But it also highlighted the growth in developments in areas prone to bushfires, leading to more people being placed at risk:

“Another factor contributing to the global increase in wildfire disasters is population increase and expansion of settlements into the rural-urban interface. Too often urban development at the interface, and semirural subdivisions, are poorly planned and take insufficient account of the bushfire risk.”

While Mr Kelly identified fuel reduction as the only way to reduce the risk of bushfires, Dr Burrows warned that “landscape prescribed burning is not a ‘panacea’, but it is the cornerstone to managing the bushfire threat”. It recommended: “It is neither feasible nor desirable to eliminate fuels (live and dead vegetation), but it is critical that fuels in landscapes, at the urban fringe, and in ‘backyards’ (adjacent to structures), are reduced on all land tenures”. It also noted: “A reliance on suppression alone, including the deployment of aircraft, will likely fail under severe weather and heavy fuel conditions, especially when there are multiple synchronous outbreaks.”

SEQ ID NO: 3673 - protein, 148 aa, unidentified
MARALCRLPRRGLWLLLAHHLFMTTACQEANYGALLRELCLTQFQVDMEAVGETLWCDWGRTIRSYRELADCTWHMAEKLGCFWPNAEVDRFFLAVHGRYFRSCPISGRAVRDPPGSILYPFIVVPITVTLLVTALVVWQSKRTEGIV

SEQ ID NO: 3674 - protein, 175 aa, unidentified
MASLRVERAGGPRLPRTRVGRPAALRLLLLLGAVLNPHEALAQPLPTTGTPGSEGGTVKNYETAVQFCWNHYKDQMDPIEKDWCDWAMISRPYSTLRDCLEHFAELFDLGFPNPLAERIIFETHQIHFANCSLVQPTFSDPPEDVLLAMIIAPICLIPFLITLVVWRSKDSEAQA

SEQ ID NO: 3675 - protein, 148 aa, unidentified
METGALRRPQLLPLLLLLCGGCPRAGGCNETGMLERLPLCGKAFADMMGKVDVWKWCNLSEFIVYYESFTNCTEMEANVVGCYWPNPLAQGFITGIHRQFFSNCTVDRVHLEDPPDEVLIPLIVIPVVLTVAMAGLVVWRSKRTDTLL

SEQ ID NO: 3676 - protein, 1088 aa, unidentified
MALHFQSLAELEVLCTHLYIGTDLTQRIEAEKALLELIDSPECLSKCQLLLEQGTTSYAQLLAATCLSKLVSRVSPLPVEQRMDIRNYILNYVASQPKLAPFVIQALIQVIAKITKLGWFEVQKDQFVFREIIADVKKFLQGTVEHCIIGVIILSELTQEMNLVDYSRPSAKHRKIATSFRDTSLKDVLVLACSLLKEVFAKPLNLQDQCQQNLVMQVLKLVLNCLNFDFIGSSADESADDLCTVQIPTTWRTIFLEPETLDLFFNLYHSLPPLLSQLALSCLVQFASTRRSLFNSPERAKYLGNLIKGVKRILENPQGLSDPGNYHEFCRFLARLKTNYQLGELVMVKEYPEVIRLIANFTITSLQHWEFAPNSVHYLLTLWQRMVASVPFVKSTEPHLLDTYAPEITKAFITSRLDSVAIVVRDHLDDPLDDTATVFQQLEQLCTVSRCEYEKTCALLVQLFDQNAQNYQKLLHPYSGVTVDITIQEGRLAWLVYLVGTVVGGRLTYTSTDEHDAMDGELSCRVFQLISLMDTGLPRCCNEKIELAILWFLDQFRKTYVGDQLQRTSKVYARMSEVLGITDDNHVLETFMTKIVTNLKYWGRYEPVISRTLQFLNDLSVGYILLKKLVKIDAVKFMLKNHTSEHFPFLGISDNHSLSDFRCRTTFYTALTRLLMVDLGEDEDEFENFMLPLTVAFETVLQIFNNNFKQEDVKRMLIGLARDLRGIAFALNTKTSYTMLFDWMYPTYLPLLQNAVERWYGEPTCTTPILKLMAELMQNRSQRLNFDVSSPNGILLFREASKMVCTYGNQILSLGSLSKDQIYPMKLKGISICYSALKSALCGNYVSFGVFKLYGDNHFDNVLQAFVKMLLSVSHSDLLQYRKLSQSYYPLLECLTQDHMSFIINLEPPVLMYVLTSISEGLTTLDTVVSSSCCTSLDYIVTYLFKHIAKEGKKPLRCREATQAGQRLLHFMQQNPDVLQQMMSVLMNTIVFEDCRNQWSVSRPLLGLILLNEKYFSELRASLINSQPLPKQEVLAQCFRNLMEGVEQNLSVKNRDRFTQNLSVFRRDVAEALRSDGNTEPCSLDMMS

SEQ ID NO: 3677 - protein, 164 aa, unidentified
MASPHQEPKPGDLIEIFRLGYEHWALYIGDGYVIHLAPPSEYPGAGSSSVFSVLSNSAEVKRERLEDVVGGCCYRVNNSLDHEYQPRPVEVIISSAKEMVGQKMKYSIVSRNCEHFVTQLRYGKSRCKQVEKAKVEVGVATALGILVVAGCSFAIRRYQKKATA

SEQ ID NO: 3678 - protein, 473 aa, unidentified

The link between bushfires and climate change

The Australian Government’s Bureau of Meteorology is explicitly clear on its website about the link between climate change and bushfires:

“Climate change is influencing the frequency and severity of dangerous bushfire conditions in Australia and other regions of the world, including through influencing temperature, environmental moisture, weather patterns and fuel conditions. There have been significant changes observed in recent decades towards more dangerous bushfire weather conditions for various regions of Australia.

 “In particular, observed changes in southern and eastern Australia include more extreme conditions during summer, as well as an earlier start to the bushfire season with dangerous weather conditions occurring significantly earlier in spring than they used to. These trends towards more dangerous bushfire conditions are at least partly attributable to human-caused climate change, including through increased temperatures. Northern Australia, which sees significant fire activity during the dry season, has experienced increases in monsoonal rainfall that have increased fuel growth in recent decades, as a key factor influencing fire danger in that region.”

The Bureau of Meteorology and the Commonwealth Scientific and Industrial Research Organisation published its latest ‘State of the Climate’ report in December 2018. Among its key conclusions were: “There has been a long-term increase in extreme fire weather, and in the length of the fire season, across large parts of Australia.” It also noted in relation to the Forest Fire Danger Index (FFDI): “The annual 90th percentile of daily FFDI (i.e., the most extreme 10 per cent of fire weather days) has increased in recent decades across many regions of Australia, especially in southern and eastern Australia.”